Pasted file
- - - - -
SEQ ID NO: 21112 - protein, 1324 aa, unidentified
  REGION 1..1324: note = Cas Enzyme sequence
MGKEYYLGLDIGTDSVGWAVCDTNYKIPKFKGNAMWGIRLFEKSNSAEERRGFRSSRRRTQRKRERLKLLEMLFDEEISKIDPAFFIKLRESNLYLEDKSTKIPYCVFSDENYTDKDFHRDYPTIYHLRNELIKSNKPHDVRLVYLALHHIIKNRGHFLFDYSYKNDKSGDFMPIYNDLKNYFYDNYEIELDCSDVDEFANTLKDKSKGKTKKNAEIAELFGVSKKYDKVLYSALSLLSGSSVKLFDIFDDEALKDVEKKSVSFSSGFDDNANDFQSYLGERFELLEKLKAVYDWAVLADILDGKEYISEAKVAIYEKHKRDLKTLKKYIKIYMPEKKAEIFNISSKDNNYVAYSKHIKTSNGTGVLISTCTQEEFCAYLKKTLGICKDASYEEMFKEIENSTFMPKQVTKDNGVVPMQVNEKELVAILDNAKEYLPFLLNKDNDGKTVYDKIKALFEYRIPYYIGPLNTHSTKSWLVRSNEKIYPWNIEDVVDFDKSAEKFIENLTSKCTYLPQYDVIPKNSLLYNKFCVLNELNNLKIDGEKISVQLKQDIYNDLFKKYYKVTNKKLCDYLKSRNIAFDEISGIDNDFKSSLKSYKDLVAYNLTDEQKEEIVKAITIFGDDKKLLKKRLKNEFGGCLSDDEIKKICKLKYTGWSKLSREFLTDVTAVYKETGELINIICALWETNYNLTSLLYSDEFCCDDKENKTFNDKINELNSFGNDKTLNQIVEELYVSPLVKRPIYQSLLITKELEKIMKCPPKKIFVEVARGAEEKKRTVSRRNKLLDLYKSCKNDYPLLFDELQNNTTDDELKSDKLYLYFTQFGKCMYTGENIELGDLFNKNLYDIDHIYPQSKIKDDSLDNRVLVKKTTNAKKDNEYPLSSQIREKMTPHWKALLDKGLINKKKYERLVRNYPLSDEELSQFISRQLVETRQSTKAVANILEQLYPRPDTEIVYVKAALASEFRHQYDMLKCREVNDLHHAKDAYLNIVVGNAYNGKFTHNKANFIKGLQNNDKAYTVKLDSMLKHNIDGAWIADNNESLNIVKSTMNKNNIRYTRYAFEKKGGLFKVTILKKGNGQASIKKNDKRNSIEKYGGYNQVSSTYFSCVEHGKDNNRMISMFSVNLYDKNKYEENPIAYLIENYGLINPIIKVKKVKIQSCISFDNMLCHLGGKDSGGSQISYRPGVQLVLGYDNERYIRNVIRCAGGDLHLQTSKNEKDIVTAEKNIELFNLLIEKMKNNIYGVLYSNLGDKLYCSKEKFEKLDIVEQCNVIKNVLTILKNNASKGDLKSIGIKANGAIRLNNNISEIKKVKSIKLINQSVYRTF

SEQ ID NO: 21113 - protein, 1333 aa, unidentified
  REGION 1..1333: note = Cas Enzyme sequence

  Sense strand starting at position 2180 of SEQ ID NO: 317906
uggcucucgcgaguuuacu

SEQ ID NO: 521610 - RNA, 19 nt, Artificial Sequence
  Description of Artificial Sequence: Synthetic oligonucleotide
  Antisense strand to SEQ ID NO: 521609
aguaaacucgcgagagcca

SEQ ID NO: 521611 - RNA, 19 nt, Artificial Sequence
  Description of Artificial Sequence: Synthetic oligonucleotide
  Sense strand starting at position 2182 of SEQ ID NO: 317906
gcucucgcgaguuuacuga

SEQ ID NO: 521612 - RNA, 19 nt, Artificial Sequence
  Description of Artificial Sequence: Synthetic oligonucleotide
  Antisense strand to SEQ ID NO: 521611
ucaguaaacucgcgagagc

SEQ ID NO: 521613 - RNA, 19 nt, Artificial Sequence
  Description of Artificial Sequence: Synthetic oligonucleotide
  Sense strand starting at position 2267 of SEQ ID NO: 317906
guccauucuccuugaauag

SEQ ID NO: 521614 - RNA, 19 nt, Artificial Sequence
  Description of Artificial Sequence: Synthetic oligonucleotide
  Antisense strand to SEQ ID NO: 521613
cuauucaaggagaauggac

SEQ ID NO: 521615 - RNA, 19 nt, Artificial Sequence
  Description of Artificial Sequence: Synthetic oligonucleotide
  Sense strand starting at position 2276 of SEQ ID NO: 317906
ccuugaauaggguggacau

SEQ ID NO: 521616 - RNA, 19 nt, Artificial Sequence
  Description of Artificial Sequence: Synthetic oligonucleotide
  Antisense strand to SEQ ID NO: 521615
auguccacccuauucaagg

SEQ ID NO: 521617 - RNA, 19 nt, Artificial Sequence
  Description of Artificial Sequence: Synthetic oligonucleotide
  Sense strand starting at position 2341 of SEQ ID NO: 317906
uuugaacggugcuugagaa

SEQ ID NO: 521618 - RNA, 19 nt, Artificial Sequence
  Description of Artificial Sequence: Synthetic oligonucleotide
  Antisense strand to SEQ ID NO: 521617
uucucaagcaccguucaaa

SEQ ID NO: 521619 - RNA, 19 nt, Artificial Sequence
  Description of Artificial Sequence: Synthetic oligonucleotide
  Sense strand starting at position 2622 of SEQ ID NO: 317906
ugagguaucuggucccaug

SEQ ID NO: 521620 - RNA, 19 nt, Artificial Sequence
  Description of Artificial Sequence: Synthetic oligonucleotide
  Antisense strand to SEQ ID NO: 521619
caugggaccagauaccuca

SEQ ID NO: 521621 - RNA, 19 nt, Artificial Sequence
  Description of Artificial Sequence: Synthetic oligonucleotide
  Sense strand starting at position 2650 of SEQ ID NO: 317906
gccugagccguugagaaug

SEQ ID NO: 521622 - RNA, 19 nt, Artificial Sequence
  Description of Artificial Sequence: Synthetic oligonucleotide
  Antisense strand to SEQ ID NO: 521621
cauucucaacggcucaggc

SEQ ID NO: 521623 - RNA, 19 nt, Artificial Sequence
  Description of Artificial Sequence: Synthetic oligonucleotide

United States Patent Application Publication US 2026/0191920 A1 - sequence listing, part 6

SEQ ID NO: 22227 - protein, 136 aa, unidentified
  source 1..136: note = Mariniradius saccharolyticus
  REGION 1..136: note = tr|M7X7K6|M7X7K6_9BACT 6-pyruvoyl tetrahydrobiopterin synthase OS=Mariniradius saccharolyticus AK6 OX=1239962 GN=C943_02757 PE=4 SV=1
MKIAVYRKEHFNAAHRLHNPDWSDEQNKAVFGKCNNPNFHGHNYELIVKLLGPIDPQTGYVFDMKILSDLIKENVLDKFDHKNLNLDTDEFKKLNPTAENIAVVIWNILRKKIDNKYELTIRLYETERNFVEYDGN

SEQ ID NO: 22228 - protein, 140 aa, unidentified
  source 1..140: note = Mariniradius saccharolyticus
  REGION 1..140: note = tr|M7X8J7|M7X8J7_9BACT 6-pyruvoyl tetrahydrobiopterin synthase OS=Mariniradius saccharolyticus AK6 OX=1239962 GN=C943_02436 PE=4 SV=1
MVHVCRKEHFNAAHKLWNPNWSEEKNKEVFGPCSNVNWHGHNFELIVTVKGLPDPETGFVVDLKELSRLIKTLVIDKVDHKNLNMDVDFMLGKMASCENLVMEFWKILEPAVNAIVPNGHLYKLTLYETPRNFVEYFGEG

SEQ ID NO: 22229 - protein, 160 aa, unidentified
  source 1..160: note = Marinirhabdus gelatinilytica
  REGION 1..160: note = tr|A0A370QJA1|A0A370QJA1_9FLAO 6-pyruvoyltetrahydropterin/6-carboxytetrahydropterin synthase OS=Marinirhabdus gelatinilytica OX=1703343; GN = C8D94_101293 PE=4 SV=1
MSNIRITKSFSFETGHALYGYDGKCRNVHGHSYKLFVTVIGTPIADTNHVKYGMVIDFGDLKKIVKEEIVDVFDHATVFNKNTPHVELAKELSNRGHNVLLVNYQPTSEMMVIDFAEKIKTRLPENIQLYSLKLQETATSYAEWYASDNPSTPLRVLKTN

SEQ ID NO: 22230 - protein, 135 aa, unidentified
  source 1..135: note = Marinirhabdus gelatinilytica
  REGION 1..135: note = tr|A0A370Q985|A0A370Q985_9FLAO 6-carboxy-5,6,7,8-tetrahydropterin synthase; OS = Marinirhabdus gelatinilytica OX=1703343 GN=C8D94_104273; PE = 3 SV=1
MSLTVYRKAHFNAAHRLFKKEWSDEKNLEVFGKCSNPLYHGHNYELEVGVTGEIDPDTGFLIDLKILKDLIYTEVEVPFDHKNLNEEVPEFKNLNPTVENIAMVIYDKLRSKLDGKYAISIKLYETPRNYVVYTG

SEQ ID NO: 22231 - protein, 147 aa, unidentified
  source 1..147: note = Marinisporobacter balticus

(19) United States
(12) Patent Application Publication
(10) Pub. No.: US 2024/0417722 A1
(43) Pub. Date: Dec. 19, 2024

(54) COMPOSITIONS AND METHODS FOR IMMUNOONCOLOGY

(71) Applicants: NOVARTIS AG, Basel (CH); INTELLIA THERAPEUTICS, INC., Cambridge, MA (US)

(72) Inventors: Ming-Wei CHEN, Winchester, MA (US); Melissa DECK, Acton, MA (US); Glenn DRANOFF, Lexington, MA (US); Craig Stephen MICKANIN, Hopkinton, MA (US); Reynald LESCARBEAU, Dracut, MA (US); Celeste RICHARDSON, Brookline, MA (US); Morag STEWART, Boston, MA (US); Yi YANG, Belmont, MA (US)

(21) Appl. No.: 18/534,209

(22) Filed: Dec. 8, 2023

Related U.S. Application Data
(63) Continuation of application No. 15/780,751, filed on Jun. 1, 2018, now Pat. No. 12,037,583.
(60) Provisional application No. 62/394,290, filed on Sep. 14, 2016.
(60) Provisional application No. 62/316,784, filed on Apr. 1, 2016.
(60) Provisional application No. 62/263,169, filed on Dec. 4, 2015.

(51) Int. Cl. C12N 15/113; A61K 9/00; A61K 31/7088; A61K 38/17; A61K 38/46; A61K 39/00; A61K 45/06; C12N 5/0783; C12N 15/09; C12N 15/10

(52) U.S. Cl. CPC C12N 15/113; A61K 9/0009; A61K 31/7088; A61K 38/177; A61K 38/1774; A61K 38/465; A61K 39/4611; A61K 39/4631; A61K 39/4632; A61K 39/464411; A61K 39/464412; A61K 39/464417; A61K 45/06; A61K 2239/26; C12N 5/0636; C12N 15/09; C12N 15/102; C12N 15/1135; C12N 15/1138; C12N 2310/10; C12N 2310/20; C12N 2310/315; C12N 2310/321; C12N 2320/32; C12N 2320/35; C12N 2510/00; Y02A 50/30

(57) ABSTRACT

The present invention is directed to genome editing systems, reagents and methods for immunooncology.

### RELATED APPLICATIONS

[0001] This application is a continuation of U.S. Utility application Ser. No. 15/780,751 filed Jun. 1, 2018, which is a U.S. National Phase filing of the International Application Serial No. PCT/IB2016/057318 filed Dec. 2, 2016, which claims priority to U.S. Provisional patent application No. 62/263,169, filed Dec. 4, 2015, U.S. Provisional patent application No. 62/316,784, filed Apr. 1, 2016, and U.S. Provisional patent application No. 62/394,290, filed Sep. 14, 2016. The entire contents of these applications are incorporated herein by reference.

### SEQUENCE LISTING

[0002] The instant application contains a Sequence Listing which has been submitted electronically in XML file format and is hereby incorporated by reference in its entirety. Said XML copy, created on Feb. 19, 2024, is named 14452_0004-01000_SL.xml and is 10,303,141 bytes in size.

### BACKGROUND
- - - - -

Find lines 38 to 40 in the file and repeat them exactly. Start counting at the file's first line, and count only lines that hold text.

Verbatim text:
  Sense strand starting at position 2341 of SEQ ID NO: 317906
uuugaacggugcuugagaa

SEQ ID NO: 521618 - RNA, 19 nt, Artificial Sequence